The concept of a “North Star” metric has become a fashionable discussion among start-up culture. The idea is that companies should find a single, simple metric to focus on and, if they choose well, it will align everyone on the team with the actions needed for success. Check out this deck on that topic from Sean Ellis, who popularized the “growth hacking” phenomenon.
Call centers are highly focused on metrics too. If most call center teams had to pick a “North Star” it would be service level, which measures the length of time callers wait to reach an agent. It’s kind of surprising that, despite all the enormous changes that have occurred in customer service technology, the dominant metric remains service level. Even more surprising is that most call centers would name the same target value for that metric: the magical “80/20”. Why is this so?
Service level is always given as a pair of numbers: a percentage value and a time value in seconds. An “80/20″ service level means 80% of calls answered in 20 seconds. That exact combination is considered by many to be an industry standard.
Many people assume this standard is based on careful analysis which revealed that 80/20 was a good target to set, but in reality, it appears 80/20 was arbitrarily chosen in the early days of call center technology. The original logic behind it is lost in the mists of time. (See Why 80/20 is Probably the Wrong Service Level for your Call Center.) Despite this murky origin, it has served as a focal point for call center teams.
There is some value in the fact that it’s a common goal that everyone across the industry understands. So when colleagues are discussing service levels at an industry event (say, the excellent ICMI Call Center DEMO conference this month, which Fonolo will be attending) they can properly compare notes and trends.
Service Level Pitfalls
There is also a danger to sticking to the default 80/20 target since this isn’t the right number for every organization. If you strive to meet the wrong target, resources get allocated the wrong way. The next section will address how to choose the proper service level. But before we get to that, two notes of caution:
- The very nature of the service level metric means that variability can get swept “under the rug”. Let’s say your call center successfully met your 80/20 target all day. So you know that 80% of the calls were answered in less than 20 seconds, but what you don’t know is how bad the other 20% were. Were their wait times 30 seconds or 10 minutes? This variability is critical.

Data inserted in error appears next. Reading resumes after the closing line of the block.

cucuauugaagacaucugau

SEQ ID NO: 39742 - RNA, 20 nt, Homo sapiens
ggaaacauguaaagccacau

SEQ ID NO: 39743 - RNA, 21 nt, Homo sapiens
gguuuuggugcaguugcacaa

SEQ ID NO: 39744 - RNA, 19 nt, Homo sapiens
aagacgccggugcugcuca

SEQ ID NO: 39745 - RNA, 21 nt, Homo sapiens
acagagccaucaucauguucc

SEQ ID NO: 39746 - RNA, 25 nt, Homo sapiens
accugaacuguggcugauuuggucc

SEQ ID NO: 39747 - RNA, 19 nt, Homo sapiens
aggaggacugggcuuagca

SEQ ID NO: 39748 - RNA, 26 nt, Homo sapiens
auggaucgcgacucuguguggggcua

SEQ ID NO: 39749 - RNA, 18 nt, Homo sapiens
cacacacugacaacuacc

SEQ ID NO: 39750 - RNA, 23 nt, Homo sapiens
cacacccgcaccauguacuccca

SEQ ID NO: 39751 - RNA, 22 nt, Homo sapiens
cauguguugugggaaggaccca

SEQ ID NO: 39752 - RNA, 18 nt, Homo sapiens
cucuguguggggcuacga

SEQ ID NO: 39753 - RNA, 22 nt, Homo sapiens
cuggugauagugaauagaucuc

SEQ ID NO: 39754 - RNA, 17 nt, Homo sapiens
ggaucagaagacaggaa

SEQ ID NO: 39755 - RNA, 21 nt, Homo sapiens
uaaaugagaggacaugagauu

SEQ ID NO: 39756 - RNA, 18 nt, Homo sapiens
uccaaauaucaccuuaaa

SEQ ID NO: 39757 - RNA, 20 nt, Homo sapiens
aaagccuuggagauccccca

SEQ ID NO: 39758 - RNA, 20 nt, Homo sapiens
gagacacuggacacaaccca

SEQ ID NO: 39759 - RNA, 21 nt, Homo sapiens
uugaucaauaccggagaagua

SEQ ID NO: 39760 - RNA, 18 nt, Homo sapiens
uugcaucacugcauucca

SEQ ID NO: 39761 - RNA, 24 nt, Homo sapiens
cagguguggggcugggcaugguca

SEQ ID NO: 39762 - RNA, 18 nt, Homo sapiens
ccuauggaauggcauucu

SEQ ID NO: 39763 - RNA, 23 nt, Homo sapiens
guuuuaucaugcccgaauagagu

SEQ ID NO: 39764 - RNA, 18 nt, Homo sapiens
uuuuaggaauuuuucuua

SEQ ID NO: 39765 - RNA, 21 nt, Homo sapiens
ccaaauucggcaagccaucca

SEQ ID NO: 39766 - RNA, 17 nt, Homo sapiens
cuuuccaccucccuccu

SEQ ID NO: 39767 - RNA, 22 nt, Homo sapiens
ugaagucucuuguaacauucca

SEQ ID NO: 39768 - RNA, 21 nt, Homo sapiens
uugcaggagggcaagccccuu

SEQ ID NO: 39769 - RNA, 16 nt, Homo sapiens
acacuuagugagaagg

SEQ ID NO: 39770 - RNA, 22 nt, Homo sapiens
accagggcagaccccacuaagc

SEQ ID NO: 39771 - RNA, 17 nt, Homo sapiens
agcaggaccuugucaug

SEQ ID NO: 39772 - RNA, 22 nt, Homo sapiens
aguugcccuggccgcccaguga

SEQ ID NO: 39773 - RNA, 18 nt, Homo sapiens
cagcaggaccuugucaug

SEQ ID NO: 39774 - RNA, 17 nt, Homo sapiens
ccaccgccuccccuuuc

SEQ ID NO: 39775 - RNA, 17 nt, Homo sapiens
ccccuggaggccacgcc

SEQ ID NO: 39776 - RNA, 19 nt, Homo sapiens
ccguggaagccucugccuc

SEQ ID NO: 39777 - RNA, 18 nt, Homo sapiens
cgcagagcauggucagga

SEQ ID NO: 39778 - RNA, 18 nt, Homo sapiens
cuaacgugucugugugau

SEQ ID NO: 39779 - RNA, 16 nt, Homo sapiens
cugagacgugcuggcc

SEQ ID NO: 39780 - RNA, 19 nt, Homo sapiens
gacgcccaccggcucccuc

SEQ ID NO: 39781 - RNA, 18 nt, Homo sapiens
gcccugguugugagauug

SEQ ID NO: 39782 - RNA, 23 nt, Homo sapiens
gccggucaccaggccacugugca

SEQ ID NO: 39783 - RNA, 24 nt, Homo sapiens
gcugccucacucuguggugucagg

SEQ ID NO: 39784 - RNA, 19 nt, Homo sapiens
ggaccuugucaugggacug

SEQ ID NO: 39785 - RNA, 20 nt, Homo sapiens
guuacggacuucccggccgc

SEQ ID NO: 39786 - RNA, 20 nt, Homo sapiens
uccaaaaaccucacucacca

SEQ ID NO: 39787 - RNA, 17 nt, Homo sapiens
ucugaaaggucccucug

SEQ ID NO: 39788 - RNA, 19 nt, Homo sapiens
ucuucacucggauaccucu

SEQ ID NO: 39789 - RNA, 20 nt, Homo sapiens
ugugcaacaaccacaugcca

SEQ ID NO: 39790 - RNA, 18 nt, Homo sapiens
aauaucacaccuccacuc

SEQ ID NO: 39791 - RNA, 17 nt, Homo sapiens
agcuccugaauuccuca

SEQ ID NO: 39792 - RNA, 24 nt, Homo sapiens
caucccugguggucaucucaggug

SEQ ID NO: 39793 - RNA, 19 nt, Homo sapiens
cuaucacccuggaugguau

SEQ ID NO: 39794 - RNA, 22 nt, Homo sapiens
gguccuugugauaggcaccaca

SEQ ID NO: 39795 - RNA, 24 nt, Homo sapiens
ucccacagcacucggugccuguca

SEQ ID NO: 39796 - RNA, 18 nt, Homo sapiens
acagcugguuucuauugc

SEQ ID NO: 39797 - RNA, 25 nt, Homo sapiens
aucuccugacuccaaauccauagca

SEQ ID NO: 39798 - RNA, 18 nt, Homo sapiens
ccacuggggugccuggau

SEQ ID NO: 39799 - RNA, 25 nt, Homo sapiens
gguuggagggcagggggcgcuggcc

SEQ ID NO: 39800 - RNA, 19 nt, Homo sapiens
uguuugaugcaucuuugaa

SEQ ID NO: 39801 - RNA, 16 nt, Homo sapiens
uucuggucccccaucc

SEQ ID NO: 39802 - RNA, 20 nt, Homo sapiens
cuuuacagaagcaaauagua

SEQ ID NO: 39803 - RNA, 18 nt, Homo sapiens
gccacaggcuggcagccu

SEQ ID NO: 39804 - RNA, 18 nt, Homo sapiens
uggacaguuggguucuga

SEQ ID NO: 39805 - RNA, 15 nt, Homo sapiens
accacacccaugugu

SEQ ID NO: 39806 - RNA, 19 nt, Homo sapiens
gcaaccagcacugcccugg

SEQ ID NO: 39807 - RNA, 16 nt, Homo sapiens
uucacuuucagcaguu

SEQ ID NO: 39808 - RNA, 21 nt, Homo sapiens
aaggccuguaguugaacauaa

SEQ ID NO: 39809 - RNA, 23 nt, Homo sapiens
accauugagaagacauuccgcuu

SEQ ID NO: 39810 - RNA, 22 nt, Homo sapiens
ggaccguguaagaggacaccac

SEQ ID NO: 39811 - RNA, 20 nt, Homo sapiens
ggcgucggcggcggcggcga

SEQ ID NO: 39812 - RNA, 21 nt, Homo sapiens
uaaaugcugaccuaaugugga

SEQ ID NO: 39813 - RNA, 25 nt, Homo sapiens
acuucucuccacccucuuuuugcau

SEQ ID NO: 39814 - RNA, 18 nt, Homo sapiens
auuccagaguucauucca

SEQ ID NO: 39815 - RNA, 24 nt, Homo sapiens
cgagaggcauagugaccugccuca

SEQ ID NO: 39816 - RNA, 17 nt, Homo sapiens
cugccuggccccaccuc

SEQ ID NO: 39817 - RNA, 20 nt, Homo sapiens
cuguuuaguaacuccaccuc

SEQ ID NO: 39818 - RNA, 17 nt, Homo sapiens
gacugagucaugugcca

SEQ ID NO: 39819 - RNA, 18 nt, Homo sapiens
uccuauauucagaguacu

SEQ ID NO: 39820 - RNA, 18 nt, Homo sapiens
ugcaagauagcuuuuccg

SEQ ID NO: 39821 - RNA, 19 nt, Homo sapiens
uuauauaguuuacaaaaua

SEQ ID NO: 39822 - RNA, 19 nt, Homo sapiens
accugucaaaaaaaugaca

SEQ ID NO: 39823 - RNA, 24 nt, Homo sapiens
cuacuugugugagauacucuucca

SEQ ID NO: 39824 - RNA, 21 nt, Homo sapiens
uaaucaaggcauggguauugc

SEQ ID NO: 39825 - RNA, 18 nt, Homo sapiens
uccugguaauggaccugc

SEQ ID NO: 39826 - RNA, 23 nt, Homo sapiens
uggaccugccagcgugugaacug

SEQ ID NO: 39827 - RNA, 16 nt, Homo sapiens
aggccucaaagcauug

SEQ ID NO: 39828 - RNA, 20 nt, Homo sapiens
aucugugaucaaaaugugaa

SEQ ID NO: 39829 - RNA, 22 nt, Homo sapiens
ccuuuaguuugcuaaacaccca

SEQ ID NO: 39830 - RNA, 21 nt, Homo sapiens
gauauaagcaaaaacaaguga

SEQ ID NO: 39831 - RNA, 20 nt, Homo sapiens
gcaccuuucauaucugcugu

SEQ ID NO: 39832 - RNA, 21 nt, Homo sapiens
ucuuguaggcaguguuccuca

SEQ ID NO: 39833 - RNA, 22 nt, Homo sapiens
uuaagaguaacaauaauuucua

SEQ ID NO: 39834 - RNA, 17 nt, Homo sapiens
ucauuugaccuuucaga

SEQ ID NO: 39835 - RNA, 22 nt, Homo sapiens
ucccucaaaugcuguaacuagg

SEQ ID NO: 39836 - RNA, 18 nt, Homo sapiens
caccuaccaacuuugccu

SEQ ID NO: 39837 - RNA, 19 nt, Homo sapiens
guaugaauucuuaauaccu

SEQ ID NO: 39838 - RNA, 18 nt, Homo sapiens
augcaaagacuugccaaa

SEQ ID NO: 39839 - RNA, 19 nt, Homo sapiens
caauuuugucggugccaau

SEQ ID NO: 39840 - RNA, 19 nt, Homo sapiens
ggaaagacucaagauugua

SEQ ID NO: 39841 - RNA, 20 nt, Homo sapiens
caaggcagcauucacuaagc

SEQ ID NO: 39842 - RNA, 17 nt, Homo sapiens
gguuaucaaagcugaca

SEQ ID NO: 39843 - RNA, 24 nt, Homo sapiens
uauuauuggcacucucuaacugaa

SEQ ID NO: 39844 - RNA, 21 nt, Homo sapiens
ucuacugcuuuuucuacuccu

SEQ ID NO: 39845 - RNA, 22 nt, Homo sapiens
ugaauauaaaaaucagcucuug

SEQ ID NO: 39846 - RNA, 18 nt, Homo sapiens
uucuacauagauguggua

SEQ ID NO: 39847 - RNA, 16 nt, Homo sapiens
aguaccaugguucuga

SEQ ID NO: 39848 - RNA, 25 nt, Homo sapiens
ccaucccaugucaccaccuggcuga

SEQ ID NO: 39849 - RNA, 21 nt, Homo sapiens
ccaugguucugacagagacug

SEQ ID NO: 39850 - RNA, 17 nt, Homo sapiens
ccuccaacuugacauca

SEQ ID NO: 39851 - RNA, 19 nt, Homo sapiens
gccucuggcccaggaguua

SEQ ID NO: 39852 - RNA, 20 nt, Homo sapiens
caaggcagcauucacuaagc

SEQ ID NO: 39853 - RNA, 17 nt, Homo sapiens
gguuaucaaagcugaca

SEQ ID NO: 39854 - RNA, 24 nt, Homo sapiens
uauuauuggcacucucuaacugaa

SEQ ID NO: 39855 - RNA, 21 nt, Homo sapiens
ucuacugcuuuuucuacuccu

- If you have multiple skill groups in your call center, another issue arises. Averaging across the groups to get a single service level can obscure problems in specific groups. Measuring each group separately is smarter, but that leaves you with too many numbers to interpret. This is actually an argument against dividing your workforce into skill groups.
Picking the right service level for your company is a matter of balancing your company’s desire to deliver high customer satisfaction (Net Promoter Score); versus the cost you’re willing to bear to achieve it. That’s not an easy process, but here are some questions to get you started:
- How important is it to minimize your customers’ wait time? (Do you have data connecting that to Customer Lifetime Value or Propensity to Buy?)
- After how many seconds in queue do your customers start to hang-up? (In other words, when does Abandonment Rate start to rise?)
- Can you map Abandonment Rate to customer satisfaction or lost revenue?
Fortunately, there is a large amount of writing on this topic. (That’s one benefit of “service level” having such a long history.) Here are some recent books we can recommend:
- Optimize by Patrick Botz and Dick Bucci
- Call Center Management on Fast Forward by Brad Cleveland
- Call Center Rocket Science by Randy Rubingh
Here is some further reading from our blog:
- Why 80/20 is Probably the Wrong Service Level for Your Call Center
- Call Center Metrics: 4 Pitfalls You Need to Avoid [Whitepaper]
- The Danger of the 80/20 Service Level Continues
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